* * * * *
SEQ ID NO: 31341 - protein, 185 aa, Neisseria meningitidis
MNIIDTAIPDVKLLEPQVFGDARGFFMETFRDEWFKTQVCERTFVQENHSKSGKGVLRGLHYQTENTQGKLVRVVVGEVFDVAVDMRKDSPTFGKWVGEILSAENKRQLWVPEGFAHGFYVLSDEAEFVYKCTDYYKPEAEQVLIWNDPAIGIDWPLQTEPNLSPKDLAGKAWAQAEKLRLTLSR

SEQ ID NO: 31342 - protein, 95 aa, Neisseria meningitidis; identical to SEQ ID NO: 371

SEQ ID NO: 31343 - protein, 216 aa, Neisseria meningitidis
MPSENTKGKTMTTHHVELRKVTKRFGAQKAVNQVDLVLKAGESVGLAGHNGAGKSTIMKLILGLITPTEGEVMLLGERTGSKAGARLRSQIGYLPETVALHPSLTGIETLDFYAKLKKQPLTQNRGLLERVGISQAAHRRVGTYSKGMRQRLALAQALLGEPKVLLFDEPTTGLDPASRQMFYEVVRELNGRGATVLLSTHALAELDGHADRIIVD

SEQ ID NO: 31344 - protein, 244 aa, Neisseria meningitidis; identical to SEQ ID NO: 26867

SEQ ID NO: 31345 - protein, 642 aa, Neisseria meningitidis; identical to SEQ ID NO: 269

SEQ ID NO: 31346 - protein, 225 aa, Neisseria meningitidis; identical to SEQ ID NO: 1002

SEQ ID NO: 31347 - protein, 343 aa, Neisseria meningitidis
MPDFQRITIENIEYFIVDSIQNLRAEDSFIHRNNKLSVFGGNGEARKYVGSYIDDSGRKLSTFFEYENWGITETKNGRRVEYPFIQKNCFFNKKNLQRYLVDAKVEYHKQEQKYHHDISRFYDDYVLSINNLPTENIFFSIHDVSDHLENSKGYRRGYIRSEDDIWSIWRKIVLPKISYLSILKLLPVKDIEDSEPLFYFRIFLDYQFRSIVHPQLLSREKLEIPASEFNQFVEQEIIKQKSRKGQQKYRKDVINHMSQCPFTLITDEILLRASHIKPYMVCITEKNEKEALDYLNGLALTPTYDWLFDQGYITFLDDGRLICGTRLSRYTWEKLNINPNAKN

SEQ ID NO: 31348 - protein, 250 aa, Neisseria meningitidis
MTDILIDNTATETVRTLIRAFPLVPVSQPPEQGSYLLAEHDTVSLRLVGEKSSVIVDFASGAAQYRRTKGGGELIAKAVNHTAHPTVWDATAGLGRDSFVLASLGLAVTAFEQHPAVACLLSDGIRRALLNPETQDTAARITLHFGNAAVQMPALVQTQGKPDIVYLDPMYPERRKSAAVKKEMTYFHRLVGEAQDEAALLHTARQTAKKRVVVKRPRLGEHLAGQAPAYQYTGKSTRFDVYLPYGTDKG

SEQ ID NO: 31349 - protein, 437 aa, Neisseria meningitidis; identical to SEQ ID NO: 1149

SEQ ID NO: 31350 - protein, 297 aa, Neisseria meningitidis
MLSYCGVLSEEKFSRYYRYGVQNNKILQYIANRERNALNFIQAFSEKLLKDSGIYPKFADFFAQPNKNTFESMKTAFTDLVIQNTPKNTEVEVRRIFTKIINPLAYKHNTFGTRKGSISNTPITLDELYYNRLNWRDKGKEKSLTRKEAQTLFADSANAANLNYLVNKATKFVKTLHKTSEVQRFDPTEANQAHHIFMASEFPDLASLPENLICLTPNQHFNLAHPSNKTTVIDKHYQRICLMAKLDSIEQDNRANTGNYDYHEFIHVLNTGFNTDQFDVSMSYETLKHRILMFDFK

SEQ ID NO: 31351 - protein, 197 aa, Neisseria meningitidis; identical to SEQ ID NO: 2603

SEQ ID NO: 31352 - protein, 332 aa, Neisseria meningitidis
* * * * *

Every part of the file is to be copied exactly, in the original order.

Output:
SEQ ID NO: 31341 - protein, 185 aa, Neisseria meningitidis
MNIIDTAIPDVKLLEPQVFGDARGFFMETFRDEWFKTQVCERTFVQENHSKSGKGVLRGLHYQTENTQGKLVRVVVGEVFDVAVDMRKDSPTFGKWVGEILSAENKRQLWVPEGFAHGFYVLSDEAEFVYKCTDYYKPEAEQVLIWNDPAIGIDWPLQTEPNLSPKDLAGKAWAQAEKLRLTLSR

SEQ ID NO: 31342 - protein, 95 aa, Neisseria meningitidis; identical to SEQ ID NO: 371

SEQ ID NO: 31343 - protein, 216 aa, Neisseria meningitidis
MPSENTKGKTMTTHHVELRKVTKRFGAQKAVNQVDLVLKAGESVGLAGHNGAGKSTIMKLILGLITPTEGEVMLLGERTGSKAGARLRSQIGYLPETVALHPSLTGIETLDFYAKLKKQPLTQNRGLLERVGISQAAHRRVGTYSKGMRQRLALAQALLGEPKVLLFDEPTTGLDPASRQMFYEVVRELNGRGATVLLSTHALAELDGHADRIIVD

SEQ ID NO: 31344 - protein, 244 aa, Neisseria meningitidis; identical to SEQ ID NO: 26867

SEQ ID NO: 31345 - protein, 642 aa, Neisseria meningitidis; identical to SEQ ID NO: 269

SEQ ID NO: 31346 - protein, 225 aa, Neisseria meningitidis; identical to SEQ ID NO: 1002

SEQ ID NO: 31347 - protein, 343 aa, Neisseria meningitidis
MPDFQRITIENIEYFIVDSIQNLRAEDSFIHRNNKLSVFGGNGEARKYVGSYIDDSGRKLSTFFEYENWGITETKNGRRVEYPFIQKNCFFNKKNLQRYLVDAKVEYHKQEQKYHHDISRFYDDYVLSINNLPTENIFFSIHDVSDHLENSKGYRRGYIRSEDDIWSIWRKIVLPKISYLSILKLLPVKDIEDSEPLFYFRIFLDYQFRSIVHPQLLSREKLEIPASEFNQFVEQEIIKQKSRKGQQKYRKDVINHMSQCPFTLITDEILLRASHIKPYMVCITEKNEKEALDYLNGLALTPTYDWLFDQGYITFLDDGRLICGTRLSRYTWEKLNINPNAKN

SEQ ID NO: 31348 - protein, 250 aa, Neisseria meningitidis
MTDILIDNTATETVRTLIRAFPLVPVSQPPEQGSYLLAEHDTVSLRLVGEKSSVIVDFASGAAQYRRTKGGGELIAKAVNHTAHPTVWDATAGLGRDSFVLASLGLAVTAFEQHPAVACLLSDGIRRALLNPETQDTAARITLHFGNAAVQMPALVQTQGKPDIVYLDPMYPERRKSAAVKKEMTYFHRLVGEAQDEAALLHTARQTAKKRVVVKRPRLGEHLAGQAPAYQYTGKSTRFDVYLPYGTDKG

SEQ ID NO: 31349 - protein, 437 aa, Neisseria meningitidis; identical to SEQ ID NO: 1149

SEQ ID NO: 31350 - protein, 297 aa, Neisseria meningitidis
MLSYCGVLSEEKFSRYYRYGVQNNKILQYIANRERNALNFIQAFSEKLLKDSGIYPKFADFFAQPNKNTFESMKTAFTDLVIQNTPKNTEVEVRRIFTKIINPLAYKHNTFGTRKGSISNTPITLDELYYNRLNWRDKGKEKSLTRKEAQTLFADSANAANLNYLVNKATKFVKTLHKTSEVQRFDPTEANQAHHIFMASEFPDLASLPENLICLTPNQHFNLAHPSNKTTVIDKHYQRICLMAKLDSIEQDNRANTGNYDYHEFIHVLNTGFNTDQFDVSMSYETLKHRILMFDFK

SEQ ID NO: 31351 - protein, 197 aa, Neisseria meningitidis; identical to SEQ ID NO: 2603

SEQ ID NO: 31352 - protein, 332 aa, Neisseria meningitidis